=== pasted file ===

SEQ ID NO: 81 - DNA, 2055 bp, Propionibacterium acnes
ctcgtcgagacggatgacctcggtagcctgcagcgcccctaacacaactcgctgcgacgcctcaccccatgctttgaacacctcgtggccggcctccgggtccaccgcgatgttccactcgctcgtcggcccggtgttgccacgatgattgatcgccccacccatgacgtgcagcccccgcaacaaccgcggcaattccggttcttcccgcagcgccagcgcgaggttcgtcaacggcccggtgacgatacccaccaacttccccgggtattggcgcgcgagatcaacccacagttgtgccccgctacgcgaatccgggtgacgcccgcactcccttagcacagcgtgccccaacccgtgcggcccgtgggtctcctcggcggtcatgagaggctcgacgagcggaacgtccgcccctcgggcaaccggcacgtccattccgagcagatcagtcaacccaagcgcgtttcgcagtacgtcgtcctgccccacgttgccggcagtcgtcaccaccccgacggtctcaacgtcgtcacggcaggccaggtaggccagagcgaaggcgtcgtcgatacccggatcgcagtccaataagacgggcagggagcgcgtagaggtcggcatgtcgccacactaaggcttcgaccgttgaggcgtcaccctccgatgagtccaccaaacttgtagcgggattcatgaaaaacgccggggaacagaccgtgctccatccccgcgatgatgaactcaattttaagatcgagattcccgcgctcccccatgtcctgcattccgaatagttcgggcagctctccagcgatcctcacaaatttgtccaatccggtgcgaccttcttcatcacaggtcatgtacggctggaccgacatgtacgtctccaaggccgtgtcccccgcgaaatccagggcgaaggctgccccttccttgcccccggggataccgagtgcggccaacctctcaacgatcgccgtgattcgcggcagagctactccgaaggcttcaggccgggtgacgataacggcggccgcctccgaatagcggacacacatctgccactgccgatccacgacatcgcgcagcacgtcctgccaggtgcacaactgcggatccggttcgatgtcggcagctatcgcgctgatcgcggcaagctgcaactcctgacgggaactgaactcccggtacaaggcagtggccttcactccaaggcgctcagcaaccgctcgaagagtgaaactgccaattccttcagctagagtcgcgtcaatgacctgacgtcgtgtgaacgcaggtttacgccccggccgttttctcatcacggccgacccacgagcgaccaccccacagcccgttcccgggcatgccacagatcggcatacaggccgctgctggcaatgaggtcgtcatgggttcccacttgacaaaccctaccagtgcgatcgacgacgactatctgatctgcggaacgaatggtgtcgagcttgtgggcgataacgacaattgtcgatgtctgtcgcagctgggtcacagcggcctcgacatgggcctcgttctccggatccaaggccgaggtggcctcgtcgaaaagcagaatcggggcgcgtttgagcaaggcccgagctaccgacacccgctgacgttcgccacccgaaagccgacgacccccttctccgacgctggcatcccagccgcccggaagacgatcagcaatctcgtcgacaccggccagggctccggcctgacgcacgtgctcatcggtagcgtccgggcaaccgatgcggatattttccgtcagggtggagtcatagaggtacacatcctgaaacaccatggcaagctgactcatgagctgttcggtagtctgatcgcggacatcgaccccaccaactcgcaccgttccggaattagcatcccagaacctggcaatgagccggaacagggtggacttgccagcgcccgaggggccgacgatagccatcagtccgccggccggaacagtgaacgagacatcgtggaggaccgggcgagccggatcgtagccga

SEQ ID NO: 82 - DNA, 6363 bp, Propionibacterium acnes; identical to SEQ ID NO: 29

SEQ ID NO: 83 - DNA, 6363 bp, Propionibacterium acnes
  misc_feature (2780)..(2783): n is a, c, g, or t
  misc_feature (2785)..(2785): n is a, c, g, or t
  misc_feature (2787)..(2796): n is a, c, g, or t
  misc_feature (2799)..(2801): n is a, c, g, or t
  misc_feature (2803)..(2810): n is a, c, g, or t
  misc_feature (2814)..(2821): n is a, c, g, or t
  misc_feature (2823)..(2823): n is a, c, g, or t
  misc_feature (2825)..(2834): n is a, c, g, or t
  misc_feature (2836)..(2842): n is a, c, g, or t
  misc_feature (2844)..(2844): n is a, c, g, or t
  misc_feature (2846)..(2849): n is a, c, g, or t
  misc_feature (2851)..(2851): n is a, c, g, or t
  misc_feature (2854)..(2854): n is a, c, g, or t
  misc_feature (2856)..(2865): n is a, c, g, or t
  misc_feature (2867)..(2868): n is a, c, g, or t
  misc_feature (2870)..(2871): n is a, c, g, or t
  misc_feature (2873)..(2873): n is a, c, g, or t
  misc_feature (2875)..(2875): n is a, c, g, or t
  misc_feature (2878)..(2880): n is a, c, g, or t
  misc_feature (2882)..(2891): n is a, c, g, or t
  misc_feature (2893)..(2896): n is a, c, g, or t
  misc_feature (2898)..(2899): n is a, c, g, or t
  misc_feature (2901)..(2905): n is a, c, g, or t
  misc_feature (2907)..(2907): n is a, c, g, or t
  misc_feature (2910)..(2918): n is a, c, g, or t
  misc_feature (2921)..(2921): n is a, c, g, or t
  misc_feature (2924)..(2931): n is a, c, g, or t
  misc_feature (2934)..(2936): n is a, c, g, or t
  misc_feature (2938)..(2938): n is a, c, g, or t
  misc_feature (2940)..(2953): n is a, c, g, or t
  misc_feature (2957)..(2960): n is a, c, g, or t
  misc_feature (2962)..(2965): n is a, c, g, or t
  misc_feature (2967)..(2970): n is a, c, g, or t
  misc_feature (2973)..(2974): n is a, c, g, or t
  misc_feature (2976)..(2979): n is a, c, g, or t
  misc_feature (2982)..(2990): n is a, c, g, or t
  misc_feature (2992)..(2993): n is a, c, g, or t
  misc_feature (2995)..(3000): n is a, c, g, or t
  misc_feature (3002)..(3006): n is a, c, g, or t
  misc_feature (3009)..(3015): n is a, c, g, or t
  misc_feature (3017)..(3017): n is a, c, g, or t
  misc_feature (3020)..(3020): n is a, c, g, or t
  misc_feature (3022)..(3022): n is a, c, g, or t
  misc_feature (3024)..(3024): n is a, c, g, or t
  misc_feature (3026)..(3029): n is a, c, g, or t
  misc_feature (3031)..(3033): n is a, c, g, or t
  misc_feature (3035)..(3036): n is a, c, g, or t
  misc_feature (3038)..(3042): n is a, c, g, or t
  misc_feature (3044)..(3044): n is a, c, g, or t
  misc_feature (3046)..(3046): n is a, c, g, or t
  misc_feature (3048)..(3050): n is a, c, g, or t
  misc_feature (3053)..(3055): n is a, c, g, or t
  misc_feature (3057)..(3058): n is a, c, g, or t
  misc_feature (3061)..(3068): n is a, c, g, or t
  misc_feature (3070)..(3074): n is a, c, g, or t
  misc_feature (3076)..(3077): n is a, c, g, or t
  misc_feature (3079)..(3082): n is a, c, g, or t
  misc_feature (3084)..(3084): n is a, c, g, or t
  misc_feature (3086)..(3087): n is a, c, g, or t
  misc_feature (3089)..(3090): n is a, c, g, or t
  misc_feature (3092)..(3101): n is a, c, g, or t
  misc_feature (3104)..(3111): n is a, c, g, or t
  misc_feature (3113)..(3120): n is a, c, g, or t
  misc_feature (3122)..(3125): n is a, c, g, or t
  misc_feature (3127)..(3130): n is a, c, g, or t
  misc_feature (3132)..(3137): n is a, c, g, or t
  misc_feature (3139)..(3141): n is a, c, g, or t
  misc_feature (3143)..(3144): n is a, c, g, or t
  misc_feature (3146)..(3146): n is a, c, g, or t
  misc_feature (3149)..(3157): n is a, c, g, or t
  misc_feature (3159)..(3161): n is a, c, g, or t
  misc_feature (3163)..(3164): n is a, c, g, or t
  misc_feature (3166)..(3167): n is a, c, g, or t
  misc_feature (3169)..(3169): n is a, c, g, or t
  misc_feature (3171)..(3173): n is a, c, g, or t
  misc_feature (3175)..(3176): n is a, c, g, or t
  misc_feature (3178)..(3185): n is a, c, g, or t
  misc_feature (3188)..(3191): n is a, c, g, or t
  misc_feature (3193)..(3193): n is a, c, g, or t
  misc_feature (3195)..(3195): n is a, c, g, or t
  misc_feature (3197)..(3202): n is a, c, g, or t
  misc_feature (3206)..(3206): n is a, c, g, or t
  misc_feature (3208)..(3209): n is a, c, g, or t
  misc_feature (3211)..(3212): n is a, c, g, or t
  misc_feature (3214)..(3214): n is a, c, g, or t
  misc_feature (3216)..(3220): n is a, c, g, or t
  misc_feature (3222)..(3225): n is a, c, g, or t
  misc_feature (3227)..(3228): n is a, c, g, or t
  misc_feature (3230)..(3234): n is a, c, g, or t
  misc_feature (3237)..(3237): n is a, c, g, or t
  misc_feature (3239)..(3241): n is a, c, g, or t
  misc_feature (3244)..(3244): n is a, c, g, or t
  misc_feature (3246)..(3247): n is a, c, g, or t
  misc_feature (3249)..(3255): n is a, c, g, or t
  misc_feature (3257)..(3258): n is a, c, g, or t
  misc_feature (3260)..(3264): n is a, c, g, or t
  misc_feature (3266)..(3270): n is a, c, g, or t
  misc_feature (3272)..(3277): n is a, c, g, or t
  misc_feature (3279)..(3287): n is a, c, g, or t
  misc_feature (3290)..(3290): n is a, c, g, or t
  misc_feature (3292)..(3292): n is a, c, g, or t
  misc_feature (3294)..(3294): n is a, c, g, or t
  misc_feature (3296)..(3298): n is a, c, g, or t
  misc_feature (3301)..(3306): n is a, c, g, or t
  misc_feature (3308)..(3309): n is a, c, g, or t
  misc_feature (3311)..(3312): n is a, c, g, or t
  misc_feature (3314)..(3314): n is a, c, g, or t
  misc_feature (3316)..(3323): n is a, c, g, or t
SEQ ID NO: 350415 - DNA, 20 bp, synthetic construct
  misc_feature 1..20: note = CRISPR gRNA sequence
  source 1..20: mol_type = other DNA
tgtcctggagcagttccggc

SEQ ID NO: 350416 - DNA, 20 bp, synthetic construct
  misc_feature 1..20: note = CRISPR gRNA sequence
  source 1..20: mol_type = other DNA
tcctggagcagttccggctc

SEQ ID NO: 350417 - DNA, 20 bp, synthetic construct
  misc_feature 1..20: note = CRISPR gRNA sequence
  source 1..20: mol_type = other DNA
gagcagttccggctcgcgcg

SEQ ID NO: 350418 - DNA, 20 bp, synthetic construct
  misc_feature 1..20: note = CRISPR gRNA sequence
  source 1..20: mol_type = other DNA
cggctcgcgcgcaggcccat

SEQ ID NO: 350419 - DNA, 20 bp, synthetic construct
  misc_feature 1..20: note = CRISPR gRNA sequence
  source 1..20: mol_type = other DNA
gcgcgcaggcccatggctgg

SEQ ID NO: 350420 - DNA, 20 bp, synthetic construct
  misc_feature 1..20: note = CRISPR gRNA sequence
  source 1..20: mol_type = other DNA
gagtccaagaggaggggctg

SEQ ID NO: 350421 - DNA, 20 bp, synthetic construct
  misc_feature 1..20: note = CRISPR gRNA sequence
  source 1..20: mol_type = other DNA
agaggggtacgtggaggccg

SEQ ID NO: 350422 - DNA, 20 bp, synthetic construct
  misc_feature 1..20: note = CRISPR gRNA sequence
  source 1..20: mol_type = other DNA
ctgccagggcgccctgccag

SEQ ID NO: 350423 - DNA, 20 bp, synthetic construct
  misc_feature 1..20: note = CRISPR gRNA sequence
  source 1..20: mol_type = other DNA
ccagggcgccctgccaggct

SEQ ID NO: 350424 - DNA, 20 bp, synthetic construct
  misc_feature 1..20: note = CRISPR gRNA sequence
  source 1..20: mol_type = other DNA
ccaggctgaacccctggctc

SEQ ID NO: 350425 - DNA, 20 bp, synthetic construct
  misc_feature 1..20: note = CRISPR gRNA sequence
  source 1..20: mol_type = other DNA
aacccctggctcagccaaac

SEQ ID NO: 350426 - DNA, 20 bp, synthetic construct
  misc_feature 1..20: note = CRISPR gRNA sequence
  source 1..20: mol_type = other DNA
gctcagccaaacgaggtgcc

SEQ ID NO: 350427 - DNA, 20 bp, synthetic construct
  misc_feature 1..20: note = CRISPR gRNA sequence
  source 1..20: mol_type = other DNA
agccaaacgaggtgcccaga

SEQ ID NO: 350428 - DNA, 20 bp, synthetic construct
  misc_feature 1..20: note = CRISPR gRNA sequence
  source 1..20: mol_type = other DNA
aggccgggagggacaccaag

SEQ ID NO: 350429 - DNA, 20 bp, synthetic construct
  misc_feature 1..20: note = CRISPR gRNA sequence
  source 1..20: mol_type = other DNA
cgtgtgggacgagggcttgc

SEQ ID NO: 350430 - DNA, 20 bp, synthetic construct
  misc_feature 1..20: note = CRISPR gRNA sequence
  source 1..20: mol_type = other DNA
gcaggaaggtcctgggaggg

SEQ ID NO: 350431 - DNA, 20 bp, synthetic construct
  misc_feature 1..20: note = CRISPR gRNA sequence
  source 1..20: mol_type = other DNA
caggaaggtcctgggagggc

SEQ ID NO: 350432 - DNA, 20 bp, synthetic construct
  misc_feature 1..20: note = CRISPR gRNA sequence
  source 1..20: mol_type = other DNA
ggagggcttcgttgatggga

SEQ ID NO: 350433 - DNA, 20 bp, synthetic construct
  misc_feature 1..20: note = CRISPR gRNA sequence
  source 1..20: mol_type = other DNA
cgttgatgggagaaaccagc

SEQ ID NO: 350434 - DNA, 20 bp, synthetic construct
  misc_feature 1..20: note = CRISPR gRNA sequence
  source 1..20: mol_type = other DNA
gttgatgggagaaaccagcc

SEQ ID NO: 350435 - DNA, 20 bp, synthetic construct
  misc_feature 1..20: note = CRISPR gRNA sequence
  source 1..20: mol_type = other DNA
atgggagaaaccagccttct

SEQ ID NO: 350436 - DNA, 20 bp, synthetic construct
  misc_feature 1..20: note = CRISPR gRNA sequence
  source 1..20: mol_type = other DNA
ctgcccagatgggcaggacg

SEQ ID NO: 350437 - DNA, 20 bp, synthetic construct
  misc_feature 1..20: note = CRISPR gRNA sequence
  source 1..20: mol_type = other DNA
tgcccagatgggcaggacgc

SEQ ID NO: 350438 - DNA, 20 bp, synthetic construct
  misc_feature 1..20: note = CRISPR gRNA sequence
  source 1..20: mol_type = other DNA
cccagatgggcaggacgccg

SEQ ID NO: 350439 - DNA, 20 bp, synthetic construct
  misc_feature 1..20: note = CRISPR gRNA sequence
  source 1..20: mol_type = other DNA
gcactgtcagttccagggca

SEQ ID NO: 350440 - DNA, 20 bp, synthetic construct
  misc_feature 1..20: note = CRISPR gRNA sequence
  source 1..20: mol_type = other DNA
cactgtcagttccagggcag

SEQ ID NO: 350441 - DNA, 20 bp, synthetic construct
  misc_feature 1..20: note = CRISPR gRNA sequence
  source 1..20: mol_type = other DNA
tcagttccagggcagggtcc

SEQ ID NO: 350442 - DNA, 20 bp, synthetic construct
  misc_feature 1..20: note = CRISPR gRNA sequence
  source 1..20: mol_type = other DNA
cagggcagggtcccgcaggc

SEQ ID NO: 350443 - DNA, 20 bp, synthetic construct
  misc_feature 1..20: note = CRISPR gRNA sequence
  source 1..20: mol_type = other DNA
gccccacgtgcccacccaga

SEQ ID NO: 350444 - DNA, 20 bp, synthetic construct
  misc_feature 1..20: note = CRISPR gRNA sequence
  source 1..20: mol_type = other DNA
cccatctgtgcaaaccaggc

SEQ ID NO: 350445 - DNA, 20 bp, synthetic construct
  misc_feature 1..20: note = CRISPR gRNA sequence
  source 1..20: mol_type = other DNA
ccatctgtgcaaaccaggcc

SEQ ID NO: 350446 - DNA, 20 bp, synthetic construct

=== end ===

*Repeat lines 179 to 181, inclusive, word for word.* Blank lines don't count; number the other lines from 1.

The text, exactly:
  source 1..20: mol_type = other DNA
caggaaggtcctgggagggc

SEQ ID NO: 350432 - DNA, 20 bp, synthetic construct